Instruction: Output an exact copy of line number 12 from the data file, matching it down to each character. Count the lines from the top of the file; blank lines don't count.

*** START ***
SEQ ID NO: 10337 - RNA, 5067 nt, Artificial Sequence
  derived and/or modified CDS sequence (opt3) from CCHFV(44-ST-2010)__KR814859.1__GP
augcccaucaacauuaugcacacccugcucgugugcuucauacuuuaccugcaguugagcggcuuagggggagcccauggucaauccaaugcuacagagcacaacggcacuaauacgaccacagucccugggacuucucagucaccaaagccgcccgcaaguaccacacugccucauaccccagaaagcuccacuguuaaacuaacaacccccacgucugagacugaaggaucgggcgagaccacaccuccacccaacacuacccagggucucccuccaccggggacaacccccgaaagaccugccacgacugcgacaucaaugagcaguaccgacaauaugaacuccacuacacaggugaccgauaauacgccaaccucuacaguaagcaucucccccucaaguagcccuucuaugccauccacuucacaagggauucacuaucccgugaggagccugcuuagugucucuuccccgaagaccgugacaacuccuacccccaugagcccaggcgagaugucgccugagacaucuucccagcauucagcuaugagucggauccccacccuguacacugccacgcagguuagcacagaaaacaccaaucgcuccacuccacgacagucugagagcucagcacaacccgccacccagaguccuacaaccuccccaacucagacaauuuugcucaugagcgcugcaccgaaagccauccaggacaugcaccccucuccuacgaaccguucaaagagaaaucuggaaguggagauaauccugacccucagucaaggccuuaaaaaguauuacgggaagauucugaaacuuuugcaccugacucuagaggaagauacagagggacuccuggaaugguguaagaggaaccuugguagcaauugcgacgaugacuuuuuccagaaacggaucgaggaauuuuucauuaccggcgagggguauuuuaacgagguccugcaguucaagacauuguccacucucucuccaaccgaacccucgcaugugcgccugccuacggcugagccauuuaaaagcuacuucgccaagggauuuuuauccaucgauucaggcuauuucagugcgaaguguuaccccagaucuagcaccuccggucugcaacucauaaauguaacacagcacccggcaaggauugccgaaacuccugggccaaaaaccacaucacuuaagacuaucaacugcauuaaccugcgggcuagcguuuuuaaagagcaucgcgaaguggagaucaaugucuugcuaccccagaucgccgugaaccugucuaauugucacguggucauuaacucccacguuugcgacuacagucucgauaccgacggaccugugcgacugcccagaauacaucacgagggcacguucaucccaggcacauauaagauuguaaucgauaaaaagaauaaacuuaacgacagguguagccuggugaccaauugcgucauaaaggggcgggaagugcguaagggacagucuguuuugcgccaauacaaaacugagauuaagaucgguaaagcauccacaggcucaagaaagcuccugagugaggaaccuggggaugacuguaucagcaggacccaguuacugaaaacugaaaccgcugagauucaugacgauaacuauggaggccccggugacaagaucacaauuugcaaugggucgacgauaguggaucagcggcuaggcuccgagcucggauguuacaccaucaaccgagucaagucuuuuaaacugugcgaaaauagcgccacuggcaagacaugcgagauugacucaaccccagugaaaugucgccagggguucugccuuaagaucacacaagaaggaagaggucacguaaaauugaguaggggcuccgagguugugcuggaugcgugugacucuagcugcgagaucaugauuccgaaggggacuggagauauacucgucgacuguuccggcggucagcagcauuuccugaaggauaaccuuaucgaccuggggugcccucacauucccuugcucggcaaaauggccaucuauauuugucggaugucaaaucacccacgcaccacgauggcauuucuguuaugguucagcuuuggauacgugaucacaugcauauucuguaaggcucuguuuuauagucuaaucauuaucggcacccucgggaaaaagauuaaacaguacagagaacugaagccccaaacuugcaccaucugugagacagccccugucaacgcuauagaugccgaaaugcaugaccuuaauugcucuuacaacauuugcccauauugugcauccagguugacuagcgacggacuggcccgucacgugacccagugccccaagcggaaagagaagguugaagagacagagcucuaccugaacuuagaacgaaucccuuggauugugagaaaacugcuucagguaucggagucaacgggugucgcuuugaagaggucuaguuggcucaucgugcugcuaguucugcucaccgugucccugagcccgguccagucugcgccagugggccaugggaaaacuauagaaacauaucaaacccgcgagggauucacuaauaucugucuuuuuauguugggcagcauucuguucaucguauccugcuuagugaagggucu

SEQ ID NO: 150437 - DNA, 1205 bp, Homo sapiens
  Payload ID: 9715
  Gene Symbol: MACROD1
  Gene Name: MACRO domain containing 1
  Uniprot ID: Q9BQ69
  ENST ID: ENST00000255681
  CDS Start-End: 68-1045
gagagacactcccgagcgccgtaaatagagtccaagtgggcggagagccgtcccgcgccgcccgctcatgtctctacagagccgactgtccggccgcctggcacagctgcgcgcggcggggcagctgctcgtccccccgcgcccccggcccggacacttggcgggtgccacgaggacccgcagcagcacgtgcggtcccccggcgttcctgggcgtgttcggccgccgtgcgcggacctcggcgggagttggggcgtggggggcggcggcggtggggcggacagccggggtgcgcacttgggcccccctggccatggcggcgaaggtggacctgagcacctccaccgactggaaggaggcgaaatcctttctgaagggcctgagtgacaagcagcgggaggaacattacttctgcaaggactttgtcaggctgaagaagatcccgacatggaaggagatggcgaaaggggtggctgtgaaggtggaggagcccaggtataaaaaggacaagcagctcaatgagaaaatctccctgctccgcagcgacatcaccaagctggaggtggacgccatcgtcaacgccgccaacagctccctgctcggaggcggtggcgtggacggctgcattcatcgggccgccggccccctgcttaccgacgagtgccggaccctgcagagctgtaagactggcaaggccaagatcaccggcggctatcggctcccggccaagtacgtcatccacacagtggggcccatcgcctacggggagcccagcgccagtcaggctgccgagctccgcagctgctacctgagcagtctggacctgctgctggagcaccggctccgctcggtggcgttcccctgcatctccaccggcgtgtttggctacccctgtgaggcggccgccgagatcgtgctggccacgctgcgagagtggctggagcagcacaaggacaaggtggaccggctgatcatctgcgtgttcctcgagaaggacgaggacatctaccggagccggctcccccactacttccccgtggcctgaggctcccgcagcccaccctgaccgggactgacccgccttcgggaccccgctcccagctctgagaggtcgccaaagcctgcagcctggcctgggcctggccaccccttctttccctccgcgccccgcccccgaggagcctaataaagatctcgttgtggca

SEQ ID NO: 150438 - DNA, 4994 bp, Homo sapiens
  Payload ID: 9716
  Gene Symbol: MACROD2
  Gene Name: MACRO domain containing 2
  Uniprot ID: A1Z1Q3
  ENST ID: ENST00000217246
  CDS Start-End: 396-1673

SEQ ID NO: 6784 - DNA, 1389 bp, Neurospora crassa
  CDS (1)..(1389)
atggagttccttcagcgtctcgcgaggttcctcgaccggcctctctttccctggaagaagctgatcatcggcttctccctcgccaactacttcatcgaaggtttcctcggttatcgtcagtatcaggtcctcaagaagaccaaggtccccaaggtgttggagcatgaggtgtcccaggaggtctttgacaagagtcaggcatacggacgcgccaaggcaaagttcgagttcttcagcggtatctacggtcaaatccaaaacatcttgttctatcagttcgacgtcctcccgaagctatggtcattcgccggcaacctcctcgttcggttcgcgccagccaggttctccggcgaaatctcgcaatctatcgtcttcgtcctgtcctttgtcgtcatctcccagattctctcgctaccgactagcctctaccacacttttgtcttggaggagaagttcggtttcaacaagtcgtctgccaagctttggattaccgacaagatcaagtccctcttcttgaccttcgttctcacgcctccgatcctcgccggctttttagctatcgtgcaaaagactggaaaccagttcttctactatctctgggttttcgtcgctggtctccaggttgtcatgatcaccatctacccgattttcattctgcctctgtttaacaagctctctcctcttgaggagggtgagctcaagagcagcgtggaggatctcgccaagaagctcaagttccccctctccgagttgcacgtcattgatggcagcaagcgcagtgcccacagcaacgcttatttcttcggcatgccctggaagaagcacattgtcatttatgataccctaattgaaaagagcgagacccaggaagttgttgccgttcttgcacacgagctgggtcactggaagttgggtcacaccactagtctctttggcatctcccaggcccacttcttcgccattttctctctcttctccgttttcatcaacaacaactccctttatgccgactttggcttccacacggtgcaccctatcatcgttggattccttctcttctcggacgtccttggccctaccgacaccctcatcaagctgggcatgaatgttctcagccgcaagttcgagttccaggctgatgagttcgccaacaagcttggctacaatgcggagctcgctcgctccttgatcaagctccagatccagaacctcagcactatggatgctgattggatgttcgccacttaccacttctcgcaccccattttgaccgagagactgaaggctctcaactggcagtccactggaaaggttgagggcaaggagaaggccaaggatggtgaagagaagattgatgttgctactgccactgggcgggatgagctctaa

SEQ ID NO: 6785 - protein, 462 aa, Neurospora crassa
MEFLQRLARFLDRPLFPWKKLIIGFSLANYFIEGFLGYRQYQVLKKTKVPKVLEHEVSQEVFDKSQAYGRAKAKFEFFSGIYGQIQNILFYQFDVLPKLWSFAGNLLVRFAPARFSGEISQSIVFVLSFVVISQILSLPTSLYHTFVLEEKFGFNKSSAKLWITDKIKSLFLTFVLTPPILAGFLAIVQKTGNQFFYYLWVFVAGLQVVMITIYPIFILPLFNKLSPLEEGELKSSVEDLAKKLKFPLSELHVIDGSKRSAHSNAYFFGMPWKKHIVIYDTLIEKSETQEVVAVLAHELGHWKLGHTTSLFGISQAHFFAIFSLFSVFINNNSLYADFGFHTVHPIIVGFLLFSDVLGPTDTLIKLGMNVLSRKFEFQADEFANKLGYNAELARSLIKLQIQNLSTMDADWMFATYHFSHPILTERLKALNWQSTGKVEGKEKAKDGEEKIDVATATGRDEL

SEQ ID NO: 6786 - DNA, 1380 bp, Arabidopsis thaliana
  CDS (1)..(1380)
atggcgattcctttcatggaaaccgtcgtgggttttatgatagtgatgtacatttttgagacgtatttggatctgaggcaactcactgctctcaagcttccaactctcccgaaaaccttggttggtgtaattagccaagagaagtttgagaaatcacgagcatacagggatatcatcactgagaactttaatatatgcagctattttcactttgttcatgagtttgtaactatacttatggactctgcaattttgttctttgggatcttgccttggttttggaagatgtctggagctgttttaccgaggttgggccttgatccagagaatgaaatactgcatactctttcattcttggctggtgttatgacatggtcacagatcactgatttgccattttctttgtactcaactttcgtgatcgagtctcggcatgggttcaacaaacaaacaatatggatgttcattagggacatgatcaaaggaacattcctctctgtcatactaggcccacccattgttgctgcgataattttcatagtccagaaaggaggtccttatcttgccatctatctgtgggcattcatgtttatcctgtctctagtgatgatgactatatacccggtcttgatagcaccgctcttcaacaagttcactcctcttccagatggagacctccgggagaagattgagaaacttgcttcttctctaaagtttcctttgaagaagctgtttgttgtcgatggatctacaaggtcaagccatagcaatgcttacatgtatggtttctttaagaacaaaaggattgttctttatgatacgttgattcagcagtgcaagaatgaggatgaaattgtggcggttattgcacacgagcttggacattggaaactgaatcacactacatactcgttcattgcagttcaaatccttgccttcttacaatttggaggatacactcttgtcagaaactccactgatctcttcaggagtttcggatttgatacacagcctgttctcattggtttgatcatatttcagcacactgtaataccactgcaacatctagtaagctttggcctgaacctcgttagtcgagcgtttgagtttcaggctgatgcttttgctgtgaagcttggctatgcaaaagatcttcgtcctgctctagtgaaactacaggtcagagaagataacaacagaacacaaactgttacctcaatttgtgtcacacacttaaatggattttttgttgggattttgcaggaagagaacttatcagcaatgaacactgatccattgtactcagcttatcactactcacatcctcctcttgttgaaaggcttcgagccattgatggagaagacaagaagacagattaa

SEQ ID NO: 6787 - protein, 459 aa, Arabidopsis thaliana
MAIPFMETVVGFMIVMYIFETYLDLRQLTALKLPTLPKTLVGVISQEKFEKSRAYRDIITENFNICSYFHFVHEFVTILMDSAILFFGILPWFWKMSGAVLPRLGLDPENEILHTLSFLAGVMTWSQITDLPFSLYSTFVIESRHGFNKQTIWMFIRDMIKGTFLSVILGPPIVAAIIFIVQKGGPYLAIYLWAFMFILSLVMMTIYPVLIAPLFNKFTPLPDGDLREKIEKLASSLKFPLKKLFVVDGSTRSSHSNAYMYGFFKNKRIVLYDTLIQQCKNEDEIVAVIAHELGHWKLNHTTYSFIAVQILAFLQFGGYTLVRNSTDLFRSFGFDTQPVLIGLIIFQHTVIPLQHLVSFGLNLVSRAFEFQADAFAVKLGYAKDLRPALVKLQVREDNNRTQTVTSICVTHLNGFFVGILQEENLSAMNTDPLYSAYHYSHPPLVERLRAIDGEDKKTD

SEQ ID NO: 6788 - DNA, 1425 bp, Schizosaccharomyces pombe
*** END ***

SEQ ID NO: 150438 - DNA, 4994 bp, Homo sapiens